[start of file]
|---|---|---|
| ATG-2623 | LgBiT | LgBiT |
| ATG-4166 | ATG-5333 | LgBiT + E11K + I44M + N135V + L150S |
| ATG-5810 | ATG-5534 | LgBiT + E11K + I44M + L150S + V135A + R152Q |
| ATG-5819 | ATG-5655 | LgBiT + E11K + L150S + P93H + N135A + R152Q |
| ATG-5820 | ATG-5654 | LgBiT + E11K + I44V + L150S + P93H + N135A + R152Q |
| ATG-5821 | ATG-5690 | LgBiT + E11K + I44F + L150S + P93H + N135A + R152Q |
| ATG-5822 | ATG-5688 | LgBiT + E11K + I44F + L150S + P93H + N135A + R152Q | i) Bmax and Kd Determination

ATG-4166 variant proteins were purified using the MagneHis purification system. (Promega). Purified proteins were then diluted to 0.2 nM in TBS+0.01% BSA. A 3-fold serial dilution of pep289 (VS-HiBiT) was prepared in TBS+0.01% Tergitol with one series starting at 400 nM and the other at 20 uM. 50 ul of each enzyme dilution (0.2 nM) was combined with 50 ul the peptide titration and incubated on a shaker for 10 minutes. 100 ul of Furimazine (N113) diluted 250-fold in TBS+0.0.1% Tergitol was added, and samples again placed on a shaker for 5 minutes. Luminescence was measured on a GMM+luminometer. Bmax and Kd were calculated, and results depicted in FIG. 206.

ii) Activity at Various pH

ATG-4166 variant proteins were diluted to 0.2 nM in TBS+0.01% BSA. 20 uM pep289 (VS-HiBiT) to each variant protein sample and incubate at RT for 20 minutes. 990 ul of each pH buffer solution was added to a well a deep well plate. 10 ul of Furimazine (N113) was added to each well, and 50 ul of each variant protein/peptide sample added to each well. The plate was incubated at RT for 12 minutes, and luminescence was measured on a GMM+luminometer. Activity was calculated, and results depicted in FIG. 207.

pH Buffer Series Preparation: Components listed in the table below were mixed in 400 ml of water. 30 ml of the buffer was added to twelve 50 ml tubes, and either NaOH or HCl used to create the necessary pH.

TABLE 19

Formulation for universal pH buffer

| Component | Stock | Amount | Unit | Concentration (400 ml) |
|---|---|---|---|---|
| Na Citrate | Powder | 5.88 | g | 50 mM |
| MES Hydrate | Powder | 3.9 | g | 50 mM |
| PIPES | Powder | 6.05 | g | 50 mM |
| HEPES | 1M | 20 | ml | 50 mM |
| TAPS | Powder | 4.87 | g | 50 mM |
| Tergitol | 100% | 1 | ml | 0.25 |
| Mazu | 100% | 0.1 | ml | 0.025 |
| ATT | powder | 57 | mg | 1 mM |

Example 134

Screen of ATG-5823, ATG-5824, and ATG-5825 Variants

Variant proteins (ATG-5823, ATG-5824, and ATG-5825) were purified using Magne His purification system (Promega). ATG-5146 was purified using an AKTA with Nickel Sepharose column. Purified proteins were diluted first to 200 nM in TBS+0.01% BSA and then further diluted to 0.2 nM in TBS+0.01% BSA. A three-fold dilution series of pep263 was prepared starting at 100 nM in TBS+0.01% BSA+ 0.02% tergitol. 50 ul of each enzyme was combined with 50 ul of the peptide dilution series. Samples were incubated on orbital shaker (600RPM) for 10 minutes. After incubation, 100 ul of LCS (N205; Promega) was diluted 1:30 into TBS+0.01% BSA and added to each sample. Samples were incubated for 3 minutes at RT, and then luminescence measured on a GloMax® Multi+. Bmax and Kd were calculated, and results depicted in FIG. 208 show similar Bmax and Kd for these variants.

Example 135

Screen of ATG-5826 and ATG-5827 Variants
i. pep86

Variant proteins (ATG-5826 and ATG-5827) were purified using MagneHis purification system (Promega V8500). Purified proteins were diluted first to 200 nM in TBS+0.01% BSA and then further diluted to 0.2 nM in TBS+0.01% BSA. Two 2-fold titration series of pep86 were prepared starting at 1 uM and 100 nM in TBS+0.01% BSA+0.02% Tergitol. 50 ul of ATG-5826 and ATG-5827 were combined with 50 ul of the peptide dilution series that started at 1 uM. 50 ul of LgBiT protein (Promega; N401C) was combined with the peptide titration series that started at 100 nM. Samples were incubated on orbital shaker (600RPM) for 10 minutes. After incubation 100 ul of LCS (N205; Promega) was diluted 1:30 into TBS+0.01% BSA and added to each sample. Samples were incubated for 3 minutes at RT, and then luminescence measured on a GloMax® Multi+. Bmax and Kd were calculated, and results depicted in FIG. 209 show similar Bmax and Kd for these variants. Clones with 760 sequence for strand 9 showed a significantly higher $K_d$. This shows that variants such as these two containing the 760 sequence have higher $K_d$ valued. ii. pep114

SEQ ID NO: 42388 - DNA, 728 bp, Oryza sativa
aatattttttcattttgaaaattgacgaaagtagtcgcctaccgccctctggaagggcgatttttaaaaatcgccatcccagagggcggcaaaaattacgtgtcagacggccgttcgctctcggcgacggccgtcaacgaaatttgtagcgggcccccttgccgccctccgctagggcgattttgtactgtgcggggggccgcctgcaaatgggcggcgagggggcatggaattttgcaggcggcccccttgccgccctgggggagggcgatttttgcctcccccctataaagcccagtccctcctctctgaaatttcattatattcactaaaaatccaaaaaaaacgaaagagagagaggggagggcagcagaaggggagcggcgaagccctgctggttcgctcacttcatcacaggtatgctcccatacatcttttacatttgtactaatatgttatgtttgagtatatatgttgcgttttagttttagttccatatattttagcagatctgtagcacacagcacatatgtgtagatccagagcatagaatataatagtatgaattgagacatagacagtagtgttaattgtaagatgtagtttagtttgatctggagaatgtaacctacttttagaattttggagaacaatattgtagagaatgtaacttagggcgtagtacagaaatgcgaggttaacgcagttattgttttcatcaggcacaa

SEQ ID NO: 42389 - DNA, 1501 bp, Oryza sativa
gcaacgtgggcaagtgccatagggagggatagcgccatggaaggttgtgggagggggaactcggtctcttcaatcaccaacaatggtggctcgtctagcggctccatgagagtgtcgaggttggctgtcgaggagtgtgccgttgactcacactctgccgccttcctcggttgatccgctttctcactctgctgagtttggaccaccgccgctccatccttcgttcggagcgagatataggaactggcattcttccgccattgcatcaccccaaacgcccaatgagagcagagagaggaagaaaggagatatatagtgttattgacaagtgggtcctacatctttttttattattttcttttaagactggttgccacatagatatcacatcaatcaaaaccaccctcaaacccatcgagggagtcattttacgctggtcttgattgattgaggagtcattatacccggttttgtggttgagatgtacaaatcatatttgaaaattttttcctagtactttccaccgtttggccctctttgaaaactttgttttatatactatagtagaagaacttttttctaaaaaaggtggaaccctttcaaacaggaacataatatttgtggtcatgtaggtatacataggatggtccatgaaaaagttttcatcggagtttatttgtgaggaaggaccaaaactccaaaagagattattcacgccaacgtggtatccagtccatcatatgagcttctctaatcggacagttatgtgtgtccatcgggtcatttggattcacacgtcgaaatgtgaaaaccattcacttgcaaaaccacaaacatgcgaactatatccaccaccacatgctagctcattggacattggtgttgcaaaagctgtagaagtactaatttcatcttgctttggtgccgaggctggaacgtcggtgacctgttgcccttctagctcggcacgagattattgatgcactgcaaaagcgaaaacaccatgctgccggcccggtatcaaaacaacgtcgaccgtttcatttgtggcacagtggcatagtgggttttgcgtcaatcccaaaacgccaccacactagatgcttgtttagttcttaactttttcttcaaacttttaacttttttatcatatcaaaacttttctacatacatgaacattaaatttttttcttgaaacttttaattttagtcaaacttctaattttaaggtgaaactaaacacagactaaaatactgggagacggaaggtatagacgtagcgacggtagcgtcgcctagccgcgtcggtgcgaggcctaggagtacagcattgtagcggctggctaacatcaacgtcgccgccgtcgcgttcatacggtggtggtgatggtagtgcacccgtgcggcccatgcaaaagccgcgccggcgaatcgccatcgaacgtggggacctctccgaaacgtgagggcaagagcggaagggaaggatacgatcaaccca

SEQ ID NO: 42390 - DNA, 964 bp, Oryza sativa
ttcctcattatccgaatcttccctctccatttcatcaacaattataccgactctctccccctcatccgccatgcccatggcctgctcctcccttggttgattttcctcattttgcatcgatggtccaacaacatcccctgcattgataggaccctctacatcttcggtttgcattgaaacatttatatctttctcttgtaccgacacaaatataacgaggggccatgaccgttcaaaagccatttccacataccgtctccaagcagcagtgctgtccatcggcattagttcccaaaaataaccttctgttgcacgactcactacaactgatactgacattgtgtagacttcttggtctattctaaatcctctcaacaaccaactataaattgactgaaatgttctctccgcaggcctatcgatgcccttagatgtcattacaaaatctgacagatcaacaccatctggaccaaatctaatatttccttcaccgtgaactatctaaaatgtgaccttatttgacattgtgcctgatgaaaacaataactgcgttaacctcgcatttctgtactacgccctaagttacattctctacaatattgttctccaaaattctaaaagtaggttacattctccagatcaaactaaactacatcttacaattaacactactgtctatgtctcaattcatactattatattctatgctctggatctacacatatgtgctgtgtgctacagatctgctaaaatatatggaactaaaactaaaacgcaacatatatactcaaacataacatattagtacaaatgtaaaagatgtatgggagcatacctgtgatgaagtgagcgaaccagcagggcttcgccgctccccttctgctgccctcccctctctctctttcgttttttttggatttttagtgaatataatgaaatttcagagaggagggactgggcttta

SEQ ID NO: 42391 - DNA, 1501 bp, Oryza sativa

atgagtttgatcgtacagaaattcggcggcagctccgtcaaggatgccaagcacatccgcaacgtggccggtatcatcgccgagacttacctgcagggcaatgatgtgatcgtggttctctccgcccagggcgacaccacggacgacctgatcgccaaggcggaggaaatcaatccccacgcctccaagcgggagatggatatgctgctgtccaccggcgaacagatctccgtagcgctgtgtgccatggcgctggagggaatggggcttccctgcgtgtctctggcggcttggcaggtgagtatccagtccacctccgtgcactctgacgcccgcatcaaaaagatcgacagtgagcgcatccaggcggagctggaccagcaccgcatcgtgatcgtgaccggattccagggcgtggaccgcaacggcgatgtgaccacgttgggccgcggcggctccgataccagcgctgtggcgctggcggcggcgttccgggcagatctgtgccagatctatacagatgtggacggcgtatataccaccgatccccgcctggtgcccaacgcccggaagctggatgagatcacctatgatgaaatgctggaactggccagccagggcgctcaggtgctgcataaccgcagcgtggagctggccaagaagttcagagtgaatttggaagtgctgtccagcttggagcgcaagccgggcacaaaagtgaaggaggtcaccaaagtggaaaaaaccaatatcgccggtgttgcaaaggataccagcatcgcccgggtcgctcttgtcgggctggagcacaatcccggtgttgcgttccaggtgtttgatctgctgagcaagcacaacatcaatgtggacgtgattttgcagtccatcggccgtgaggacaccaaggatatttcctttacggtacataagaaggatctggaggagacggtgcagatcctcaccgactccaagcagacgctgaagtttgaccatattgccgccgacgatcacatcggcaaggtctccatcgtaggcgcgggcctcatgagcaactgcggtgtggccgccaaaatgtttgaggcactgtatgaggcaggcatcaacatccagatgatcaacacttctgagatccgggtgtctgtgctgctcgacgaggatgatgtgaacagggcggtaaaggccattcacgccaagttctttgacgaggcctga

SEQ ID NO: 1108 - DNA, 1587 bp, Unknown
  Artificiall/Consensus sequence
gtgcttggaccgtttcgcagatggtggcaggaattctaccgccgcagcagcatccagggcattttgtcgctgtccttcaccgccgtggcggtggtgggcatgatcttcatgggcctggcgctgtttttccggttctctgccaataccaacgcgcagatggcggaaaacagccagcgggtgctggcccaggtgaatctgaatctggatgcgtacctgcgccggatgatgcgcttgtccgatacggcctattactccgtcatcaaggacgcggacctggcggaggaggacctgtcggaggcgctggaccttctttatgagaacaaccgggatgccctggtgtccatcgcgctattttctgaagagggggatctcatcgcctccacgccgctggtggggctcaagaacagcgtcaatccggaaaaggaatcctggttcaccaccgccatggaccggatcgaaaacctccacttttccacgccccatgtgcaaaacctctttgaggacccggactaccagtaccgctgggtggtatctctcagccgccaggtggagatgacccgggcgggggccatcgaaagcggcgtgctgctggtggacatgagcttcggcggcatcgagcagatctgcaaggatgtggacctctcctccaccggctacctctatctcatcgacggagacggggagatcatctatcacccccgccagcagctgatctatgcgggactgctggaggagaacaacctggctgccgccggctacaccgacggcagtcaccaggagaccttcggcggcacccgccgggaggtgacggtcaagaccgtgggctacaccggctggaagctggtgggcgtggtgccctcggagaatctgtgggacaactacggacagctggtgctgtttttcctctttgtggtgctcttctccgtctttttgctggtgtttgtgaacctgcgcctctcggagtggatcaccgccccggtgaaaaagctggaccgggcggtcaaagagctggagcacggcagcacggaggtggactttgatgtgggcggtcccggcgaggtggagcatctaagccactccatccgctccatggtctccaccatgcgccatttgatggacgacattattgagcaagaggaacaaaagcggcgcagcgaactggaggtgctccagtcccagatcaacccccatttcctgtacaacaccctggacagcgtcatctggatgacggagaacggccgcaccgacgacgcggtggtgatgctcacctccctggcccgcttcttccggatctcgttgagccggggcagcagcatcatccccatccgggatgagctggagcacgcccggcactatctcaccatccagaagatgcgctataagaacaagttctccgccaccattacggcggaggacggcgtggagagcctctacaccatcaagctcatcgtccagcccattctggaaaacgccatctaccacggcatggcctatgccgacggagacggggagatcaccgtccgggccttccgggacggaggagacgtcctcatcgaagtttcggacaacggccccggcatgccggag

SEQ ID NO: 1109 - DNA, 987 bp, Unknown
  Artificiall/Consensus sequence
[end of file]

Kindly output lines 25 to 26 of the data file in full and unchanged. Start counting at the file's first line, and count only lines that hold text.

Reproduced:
Example 134

Screen of ATG-5823, ATG-5824, and ATG-5825 Variants